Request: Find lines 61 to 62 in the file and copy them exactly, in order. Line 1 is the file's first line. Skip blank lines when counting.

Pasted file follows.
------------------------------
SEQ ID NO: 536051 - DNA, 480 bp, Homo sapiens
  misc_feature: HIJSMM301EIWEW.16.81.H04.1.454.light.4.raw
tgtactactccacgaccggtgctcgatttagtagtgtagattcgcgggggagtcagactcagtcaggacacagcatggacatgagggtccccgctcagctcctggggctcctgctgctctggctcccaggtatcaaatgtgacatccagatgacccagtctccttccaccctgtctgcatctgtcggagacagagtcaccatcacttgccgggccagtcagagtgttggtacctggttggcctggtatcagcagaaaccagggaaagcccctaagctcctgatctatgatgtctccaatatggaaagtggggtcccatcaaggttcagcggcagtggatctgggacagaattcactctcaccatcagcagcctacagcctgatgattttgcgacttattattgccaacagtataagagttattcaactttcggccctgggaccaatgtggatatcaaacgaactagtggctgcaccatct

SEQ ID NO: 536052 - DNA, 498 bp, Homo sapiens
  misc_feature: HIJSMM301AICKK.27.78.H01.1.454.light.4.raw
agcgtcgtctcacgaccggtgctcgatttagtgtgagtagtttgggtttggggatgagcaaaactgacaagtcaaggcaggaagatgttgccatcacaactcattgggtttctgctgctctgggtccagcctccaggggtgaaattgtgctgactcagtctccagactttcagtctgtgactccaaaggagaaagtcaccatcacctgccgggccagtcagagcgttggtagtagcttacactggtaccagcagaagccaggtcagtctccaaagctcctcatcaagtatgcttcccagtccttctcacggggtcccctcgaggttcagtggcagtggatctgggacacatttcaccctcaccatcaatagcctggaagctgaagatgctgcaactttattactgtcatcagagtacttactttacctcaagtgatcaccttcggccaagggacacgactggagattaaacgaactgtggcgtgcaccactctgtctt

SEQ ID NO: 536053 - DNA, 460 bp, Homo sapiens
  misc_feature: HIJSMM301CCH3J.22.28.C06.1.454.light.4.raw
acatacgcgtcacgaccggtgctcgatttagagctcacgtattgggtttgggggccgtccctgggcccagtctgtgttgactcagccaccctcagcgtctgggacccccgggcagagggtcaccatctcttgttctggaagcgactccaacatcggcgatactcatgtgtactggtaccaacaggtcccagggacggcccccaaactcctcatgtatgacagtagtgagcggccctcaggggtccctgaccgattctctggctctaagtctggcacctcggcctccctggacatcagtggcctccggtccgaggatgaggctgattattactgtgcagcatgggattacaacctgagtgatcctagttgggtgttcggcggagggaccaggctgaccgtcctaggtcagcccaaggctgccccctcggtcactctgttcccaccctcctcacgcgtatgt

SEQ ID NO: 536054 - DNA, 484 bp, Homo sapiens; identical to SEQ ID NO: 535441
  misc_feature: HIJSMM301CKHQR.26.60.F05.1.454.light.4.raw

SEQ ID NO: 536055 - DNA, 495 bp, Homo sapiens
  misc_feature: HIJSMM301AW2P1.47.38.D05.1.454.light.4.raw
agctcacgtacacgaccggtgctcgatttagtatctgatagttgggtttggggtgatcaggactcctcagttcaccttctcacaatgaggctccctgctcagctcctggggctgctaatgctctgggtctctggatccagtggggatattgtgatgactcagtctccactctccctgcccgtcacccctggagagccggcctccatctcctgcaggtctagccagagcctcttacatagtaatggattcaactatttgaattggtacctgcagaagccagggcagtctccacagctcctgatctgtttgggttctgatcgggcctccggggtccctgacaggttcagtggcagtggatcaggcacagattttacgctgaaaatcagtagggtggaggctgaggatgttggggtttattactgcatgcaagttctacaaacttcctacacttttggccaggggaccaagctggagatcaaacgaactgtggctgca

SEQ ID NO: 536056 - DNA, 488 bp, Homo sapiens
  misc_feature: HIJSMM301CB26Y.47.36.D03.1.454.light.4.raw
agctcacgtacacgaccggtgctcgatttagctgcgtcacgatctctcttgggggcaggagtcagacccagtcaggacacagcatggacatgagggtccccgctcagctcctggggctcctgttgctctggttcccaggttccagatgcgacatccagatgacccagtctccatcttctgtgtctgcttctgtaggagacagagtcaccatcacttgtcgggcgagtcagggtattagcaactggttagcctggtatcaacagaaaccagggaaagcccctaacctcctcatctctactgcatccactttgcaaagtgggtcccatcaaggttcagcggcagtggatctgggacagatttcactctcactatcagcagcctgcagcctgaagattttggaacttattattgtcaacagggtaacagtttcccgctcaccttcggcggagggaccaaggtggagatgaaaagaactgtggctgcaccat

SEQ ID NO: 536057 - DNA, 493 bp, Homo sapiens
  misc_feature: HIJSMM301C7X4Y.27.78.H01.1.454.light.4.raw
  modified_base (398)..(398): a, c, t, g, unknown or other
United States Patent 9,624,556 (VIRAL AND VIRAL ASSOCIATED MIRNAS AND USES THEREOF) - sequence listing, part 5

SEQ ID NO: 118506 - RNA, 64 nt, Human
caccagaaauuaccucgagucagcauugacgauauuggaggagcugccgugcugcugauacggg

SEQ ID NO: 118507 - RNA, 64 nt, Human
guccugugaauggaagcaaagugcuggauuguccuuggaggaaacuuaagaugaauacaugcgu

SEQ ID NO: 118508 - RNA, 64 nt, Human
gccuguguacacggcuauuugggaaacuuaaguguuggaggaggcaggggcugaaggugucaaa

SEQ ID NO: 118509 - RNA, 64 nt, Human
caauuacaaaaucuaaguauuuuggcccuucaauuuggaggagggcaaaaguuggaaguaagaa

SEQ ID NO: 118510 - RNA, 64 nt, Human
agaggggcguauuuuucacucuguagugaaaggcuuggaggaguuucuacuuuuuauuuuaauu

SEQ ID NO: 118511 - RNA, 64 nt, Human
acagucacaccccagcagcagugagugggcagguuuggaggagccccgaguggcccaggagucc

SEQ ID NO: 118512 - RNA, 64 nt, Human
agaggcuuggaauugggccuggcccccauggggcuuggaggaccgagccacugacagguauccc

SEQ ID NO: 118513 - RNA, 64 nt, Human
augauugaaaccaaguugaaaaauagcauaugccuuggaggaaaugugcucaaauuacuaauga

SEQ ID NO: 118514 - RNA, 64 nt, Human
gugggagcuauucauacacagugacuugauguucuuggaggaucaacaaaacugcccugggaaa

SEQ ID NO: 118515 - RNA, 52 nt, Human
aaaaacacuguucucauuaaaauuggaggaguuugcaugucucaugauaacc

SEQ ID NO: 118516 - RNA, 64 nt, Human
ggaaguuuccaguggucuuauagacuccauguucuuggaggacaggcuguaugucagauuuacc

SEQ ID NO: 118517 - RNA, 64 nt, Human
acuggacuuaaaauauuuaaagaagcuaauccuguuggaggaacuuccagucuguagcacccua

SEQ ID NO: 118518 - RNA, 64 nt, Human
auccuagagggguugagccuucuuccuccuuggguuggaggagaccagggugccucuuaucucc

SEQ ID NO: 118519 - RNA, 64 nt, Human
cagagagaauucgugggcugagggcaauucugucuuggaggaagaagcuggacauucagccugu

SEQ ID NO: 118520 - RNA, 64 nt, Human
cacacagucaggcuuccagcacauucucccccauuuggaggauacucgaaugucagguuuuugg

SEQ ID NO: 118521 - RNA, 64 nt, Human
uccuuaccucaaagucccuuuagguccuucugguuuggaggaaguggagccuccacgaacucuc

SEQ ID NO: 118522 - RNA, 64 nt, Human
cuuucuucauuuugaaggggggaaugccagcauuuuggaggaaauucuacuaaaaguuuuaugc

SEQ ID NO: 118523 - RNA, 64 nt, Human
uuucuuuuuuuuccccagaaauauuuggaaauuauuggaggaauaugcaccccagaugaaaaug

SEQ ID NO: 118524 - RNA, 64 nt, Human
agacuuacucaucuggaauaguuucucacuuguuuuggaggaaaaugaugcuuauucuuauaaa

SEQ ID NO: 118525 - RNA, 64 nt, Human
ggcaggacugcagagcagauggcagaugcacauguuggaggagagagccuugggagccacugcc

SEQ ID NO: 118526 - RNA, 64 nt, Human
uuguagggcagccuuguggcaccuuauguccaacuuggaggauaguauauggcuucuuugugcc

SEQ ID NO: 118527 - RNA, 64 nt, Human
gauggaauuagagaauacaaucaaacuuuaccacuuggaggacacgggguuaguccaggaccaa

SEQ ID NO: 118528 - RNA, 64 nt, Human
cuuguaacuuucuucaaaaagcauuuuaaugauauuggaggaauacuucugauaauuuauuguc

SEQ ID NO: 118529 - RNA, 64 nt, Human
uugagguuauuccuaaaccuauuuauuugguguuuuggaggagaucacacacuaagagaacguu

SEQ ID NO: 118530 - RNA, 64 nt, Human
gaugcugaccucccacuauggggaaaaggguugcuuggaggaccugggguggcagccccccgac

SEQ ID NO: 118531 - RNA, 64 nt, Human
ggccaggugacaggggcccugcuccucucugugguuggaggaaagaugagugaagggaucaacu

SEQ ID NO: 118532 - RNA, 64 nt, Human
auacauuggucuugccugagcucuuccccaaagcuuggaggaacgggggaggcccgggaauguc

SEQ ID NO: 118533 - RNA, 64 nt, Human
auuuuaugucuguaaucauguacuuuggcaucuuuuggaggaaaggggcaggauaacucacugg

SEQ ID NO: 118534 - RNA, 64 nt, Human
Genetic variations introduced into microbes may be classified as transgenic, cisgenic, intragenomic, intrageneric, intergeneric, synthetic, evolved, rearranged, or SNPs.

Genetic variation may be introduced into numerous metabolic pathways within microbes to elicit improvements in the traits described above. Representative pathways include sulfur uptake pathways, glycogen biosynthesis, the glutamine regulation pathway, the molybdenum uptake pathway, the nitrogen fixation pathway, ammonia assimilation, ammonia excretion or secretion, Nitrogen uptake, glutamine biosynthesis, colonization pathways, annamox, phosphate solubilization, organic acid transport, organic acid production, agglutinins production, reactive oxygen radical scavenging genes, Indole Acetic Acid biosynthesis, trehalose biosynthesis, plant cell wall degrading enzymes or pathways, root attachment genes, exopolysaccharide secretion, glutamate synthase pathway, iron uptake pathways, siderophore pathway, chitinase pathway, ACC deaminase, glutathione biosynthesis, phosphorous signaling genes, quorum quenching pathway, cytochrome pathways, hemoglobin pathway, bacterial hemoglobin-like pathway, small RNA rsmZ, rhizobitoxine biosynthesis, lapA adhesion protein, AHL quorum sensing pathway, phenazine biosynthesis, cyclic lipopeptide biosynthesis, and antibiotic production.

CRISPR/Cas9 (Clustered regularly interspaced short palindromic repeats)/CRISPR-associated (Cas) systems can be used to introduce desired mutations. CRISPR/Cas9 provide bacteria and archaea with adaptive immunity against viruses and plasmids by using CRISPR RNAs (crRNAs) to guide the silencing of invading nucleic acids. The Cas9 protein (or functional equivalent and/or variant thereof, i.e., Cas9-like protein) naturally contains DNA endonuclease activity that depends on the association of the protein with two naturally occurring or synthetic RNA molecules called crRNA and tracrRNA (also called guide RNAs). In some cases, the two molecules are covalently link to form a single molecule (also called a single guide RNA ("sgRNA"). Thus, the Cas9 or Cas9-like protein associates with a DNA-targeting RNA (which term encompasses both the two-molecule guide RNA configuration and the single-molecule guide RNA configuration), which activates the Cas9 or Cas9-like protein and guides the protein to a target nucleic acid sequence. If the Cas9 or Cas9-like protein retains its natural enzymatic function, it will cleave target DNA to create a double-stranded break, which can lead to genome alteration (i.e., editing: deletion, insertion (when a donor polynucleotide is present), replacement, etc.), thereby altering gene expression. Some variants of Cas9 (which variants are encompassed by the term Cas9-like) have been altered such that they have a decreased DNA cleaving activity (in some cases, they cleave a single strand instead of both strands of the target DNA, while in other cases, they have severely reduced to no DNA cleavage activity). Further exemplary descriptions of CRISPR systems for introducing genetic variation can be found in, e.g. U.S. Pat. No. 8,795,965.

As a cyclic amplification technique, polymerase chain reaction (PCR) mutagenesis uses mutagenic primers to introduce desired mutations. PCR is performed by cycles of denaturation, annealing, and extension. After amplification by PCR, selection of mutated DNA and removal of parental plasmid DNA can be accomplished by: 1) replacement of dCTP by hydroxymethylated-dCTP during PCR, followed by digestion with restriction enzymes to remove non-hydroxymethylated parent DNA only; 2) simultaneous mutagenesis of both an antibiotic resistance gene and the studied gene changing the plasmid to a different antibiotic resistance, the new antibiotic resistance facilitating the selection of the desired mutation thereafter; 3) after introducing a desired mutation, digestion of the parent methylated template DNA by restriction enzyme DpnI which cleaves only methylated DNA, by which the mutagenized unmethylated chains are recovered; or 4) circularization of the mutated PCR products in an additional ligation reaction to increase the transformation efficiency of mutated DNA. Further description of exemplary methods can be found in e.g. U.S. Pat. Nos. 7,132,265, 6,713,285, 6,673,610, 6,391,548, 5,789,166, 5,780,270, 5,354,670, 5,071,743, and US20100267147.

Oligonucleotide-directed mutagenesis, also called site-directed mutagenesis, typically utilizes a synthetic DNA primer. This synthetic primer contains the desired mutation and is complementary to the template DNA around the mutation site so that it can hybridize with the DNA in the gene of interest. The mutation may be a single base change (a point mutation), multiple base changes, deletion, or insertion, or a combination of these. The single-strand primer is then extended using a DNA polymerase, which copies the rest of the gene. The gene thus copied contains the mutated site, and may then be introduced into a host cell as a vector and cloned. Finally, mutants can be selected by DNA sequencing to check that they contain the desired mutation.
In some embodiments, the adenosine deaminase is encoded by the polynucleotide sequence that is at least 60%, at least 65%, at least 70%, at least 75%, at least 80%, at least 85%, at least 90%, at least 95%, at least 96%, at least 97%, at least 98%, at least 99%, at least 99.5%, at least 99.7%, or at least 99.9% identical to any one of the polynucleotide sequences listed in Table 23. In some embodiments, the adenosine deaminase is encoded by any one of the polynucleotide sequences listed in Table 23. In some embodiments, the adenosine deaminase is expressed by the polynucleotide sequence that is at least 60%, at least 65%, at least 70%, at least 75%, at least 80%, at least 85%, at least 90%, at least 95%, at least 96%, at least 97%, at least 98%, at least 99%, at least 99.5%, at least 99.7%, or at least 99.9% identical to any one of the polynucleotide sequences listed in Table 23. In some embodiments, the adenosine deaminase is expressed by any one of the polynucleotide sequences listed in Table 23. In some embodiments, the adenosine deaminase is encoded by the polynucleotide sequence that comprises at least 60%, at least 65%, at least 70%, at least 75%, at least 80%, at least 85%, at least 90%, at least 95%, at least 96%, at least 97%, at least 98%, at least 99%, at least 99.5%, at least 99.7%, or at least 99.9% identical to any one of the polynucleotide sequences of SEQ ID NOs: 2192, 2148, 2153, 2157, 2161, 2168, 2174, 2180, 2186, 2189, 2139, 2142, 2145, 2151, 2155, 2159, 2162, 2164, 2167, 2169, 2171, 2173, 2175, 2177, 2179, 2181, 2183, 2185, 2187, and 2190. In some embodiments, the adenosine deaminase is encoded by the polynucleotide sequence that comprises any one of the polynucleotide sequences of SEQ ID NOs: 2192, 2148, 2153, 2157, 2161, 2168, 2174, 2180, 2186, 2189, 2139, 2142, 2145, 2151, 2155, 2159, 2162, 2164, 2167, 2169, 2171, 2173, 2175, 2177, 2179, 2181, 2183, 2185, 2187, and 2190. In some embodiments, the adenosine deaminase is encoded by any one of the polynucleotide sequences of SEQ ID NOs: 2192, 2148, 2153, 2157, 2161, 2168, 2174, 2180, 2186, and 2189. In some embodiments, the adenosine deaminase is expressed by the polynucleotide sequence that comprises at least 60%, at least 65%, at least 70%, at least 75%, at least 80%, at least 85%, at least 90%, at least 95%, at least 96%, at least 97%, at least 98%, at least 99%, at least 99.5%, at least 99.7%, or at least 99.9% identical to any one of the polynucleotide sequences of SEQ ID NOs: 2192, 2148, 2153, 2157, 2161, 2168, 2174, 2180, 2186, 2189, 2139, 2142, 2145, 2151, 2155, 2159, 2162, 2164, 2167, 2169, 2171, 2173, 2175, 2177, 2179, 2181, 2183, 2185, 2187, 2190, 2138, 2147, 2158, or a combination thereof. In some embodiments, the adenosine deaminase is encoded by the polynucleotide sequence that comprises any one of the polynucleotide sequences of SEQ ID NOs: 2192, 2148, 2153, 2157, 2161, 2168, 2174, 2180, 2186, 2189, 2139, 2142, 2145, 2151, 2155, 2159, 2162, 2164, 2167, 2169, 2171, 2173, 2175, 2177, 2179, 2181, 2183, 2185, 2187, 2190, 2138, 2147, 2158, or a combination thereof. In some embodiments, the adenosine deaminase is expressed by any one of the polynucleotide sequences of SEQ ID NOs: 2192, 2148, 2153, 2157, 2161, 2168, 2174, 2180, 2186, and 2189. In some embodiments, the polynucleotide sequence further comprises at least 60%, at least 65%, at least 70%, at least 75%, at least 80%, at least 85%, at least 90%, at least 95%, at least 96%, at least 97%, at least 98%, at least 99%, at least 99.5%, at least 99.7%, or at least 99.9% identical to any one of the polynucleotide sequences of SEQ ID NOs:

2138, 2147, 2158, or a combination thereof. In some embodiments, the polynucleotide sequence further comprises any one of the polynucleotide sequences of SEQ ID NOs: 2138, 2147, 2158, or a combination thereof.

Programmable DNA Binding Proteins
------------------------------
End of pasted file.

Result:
ggcaggacugcagagcagauggcagaugcacauguuggaggagagagccuugggagccacugcc

SEQ ID NO: 118526 - RNA, 64 nt, Human